Debate Magazine

“The Illusionists”: How Insecurity Sells

By Juliez
Elena Rossinis The Illusionists

Elena Rossini's The Illusionists

As long as I can remember, I have had a great deal of respect and gratitude for the body. I like my body in particular. It works. It is the reason I am me. When I was three years old my mom gave birth to my little sister. Delighted to have a younger sibling, it was a hard pill to swallow when we came to find that she was born with some very severe disabilities, including something called Down Syndrome. Her body was very different from mine inside and out. It was always, and will always be, a great weight on my heart to know that she will never know what it is like to have a body like mine. Because of that, gratitude comes easy.

When puberty started sneaking up on me and I began engaging in typical pre-teen girl activities, I noticed that my gratefulness for my body was different—unusual, even. As I grew bigger, my circle of friends grew unhappier with their appearances, and it became increasingly popular to share this unhappiness with each other. We know that people, especially womenfolk, are subject to unattainable beauty ideals, and it hurts.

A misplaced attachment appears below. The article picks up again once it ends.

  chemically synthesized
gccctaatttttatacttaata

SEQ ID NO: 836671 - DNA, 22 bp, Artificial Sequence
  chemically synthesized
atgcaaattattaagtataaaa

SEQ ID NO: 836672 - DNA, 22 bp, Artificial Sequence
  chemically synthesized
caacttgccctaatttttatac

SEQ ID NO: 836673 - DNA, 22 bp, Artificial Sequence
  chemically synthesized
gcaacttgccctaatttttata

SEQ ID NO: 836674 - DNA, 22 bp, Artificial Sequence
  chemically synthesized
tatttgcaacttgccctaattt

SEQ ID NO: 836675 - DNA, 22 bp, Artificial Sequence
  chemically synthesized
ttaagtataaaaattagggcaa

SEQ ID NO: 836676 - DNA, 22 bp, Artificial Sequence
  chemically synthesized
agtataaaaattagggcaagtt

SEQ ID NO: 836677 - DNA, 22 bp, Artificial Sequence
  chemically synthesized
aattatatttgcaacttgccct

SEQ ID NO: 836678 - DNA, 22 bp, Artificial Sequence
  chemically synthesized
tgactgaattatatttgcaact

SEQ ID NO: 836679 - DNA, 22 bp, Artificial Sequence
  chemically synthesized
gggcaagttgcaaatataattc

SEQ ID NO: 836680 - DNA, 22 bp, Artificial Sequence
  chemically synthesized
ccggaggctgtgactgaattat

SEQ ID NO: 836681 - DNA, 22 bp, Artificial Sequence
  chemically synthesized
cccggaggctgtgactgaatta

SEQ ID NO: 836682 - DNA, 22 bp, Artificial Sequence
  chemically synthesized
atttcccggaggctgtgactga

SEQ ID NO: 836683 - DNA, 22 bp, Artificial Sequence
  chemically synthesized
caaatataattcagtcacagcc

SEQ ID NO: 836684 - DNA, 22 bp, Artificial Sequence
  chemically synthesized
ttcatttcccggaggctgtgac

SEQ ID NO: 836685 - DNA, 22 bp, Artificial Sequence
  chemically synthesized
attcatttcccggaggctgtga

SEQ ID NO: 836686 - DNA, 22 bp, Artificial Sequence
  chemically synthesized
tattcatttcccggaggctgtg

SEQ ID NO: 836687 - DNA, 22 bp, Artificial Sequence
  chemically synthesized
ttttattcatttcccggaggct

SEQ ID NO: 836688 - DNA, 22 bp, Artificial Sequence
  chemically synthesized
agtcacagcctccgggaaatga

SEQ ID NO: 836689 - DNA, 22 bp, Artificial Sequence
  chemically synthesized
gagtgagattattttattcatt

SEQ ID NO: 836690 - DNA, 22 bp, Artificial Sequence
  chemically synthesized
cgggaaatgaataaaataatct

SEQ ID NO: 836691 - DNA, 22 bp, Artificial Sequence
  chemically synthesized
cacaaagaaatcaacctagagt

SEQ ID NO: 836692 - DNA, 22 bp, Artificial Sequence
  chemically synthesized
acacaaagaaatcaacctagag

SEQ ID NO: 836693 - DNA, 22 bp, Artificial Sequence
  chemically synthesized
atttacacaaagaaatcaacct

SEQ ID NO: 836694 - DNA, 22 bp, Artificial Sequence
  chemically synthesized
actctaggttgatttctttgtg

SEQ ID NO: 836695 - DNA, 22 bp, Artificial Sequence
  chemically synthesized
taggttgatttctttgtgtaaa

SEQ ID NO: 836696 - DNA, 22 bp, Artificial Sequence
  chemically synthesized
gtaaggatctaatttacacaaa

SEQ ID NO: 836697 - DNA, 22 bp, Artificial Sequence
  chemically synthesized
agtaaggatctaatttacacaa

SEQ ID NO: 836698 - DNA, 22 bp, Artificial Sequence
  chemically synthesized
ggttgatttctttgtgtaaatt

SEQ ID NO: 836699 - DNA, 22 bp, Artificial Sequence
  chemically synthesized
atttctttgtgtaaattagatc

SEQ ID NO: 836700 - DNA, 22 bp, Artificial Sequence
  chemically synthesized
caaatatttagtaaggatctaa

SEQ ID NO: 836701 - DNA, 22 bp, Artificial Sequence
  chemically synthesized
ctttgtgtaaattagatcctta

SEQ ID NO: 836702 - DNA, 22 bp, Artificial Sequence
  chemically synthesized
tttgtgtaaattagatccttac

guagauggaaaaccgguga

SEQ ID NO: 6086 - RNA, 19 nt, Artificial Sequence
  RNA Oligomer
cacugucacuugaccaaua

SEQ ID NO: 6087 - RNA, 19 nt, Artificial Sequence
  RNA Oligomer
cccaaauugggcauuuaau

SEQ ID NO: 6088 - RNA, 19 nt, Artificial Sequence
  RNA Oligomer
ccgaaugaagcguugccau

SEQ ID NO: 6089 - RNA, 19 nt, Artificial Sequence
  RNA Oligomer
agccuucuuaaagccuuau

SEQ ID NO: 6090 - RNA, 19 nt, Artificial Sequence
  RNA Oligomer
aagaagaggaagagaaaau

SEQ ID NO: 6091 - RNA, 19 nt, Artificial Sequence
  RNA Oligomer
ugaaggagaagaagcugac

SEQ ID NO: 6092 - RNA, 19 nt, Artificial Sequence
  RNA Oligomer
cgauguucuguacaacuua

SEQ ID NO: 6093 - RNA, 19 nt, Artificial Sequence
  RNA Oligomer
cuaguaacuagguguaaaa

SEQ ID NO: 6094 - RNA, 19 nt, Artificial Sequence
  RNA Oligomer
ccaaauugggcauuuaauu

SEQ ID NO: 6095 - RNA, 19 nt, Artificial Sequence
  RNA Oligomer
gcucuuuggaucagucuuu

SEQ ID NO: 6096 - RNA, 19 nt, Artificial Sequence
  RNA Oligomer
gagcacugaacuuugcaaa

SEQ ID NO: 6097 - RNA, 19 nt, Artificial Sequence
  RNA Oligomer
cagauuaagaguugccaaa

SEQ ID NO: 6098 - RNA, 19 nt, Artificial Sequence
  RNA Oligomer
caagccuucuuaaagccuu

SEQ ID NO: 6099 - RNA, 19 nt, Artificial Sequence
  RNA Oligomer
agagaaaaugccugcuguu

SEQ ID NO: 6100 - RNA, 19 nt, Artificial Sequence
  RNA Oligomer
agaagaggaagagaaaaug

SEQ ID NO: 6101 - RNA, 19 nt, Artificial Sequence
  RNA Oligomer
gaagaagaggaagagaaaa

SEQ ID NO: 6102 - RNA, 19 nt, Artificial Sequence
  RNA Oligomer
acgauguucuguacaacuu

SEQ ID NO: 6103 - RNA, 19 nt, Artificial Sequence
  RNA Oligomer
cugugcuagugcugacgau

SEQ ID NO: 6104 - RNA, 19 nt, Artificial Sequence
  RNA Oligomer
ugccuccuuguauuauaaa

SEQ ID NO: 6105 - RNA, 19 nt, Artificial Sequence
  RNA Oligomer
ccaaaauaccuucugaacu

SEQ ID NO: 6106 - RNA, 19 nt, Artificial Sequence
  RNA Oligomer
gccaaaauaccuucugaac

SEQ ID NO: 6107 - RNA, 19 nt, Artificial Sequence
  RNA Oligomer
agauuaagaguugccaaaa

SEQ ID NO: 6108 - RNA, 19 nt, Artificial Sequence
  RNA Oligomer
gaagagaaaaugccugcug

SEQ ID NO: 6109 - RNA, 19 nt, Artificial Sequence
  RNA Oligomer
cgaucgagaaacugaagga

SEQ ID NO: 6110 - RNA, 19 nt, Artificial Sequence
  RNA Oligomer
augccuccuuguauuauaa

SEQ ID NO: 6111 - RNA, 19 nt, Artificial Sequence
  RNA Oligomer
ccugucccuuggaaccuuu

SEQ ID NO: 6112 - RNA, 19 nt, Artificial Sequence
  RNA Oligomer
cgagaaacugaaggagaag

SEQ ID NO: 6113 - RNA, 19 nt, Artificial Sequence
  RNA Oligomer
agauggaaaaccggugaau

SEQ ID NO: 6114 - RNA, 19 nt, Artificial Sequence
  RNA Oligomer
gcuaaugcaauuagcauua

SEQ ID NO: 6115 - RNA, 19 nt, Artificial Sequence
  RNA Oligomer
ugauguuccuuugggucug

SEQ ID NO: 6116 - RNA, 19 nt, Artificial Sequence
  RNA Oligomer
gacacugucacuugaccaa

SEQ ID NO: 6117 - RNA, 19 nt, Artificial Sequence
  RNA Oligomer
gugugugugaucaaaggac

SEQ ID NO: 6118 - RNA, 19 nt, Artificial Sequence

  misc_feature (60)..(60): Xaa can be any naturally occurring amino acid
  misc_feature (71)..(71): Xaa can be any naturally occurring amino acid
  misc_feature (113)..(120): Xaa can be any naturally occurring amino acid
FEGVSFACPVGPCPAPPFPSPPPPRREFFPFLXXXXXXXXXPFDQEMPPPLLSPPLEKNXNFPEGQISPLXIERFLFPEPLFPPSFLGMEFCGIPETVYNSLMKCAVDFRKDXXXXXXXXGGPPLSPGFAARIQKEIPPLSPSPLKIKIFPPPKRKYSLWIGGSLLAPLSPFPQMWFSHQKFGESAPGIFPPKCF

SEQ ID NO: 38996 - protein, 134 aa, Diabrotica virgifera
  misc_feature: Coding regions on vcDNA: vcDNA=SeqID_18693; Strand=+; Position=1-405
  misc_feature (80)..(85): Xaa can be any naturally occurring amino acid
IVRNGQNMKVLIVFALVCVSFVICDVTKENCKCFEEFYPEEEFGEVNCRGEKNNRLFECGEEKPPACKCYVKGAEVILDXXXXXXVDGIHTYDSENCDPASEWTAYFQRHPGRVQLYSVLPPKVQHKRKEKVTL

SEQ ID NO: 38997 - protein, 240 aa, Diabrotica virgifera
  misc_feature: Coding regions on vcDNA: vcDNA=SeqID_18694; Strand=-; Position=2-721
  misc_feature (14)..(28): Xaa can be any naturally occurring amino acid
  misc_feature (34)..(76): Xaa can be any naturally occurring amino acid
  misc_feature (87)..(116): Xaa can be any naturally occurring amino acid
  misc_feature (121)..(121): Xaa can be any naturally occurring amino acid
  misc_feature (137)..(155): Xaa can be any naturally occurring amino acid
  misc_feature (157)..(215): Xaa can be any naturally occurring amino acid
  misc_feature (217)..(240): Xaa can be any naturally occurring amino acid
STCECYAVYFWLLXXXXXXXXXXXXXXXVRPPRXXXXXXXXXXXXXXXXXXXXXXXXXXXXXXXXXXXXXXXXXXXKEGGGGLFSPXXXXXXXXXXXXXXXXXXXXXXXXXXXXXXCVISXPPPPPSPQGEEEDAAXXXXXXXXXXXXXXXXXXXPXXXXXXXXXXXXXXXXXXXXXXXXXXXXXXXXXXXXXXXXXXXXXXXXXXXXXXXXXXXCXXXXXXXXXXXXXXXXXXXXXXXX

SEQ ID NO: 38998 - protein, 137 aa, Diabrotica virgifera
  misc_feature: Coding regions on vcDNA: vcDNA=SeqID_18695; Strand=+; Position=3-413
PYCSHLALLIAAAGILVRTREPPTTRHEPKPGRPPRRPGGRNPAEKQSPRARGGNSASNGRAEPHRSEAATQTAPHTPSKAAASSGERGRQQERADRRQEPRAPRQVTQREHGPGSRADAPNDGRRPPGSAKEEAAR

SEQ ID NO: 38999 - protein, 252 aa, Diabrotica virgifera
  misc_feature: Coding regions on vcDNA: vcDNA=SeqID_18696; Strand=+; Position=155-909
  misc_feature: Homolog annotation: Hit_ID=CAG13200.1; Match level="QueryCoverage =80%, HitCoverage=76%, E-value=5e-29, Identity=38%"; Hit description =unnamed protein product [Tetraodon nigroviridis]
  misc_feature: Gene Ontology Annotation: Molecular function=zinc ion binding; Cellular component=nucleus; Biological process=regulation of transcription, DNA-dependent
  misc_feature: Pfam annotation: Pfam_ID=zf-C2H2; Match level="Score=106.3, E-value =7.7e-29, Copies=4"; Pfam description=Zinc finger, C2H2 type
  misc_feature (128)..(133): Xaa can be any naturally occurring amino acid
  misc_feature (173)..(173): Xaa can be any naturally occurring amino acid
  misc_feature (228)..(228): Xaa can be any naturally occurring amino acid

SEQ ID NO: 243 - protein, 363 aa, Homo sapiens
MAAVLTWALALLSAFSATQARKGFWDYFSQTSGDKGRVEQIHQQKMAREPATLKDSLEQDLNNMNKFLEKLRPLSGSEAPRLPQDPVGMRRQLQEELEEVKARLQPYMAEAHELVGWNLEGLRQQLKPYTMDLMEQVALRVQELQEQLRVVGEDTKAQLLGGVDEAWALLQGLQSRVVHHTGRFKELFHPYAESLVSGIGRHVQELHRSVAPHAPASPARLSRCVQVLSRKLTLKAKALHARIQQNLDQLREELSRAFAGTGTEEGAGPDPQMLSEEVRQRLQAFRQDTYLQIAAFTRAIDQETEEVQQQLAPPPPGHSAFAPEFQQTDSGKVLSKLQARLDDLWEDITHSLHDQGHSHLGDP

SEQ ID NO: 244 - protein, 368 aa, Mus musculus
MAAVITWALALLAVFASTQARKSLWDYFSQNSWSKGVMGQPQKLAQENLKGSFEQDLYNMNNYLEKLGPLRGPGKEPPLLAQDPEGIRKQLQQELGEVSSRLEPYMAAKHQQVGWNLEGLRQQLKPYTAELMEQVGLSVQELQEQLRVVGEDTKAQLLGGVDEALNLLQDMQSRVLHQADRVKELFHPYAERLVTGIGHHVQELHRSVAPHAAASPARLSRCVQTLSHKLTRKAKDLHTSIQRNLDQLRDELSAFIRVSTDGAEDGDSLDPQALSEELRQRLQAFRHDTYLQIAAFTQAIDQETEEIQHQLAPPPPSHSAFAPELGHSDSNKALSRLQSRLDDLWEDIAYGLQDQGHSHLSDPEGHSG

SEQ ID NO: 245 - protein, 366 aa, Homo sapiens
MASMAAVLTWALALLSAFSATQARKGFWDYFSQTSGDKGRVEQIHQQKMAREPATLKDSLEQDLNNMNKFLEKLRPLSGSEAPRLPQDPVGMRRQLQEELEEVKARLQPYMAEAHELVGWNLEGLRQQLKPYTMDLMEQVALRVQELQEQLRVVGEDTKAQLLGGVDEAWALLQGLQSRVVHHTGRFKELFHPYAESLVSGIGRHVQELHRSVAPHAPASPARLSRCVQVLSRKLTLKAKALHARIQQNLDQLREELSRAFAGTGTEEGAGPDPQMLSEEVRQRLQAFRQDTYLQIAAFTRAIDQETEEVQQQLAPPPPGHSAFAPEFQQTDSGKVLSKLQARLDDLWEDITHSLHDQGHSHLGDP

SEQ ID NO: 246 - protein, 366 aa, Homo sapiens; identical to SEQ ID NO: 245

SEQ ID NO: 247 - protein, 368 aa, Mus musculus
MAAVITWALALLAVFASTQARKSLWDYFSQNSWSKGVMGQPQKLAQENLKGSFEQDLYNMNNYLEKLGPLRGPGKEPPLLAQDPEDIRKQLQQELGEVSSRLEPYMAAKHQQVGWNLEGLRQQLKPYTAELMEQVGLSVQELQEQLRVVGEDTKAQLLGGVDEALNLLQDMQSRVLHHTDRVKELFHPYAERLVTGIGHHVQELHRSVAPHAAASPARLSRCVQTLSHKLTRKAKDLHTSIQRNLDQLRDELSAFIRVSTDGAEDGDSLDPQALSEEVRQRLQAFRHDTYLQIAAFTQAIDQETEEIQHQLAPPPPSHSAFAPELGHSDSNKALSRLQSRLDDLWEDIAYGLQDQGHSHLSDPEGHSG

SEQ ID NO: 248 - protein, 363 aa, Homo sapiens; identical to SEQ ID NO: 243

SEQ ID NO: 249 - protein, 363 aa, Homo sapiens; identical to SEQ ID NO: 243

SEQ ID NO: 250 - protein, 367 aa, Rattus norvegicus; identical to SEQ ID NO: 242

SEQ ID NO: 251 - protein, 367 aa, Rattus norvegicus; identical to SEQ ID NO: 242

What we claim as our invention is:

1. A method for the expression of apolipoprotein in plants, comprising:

As much as we all pay lip service to this seemingly inevitable part of our lives, there are people out there that are doing something about it. Elena Rossini is one of them. Rossini, an Italian-born director, cinematographer, and editor, is turning to us (the web!) to raise funds for her latest feature film, “The Illusionists”, a documentary that explores the commoditization of the body and the marketing of unattainable beauty around the world in new and interesting ways.

First, “The Illusionists” will explore the commoditization of the “perfect body” not only here in the United States or in Europe, but will also call on expert advice from India and East Asia. Additionally, the film will examine the historical roots and the economic motives behind the creation of unattainable beauty standards while paying particular attention to the beauty industry’s two new targets: little girls and men. Most importantly, though, “The Illusionists” is more than just a film. With active web and social media platforms, Rossini and her team are focused on using the film as an educational tool, a platform for discussion, and ultimately, a catalyst for social change.

I want to live in a world where we can all, at the very least, be grateful for the bodies we have. I want to live in a world where the pain caused by unattainable beauty ideals is not understood as inevitable. If you stand with me, please head over to The Illusionist’s Facebook or Twitter page, and donate to the Kickstarter campaign. Help make “The Illusionists” more than a movie: make it part of a movement.

Angela G is the FBomb’s amazing intern, and you can learn more about her here.

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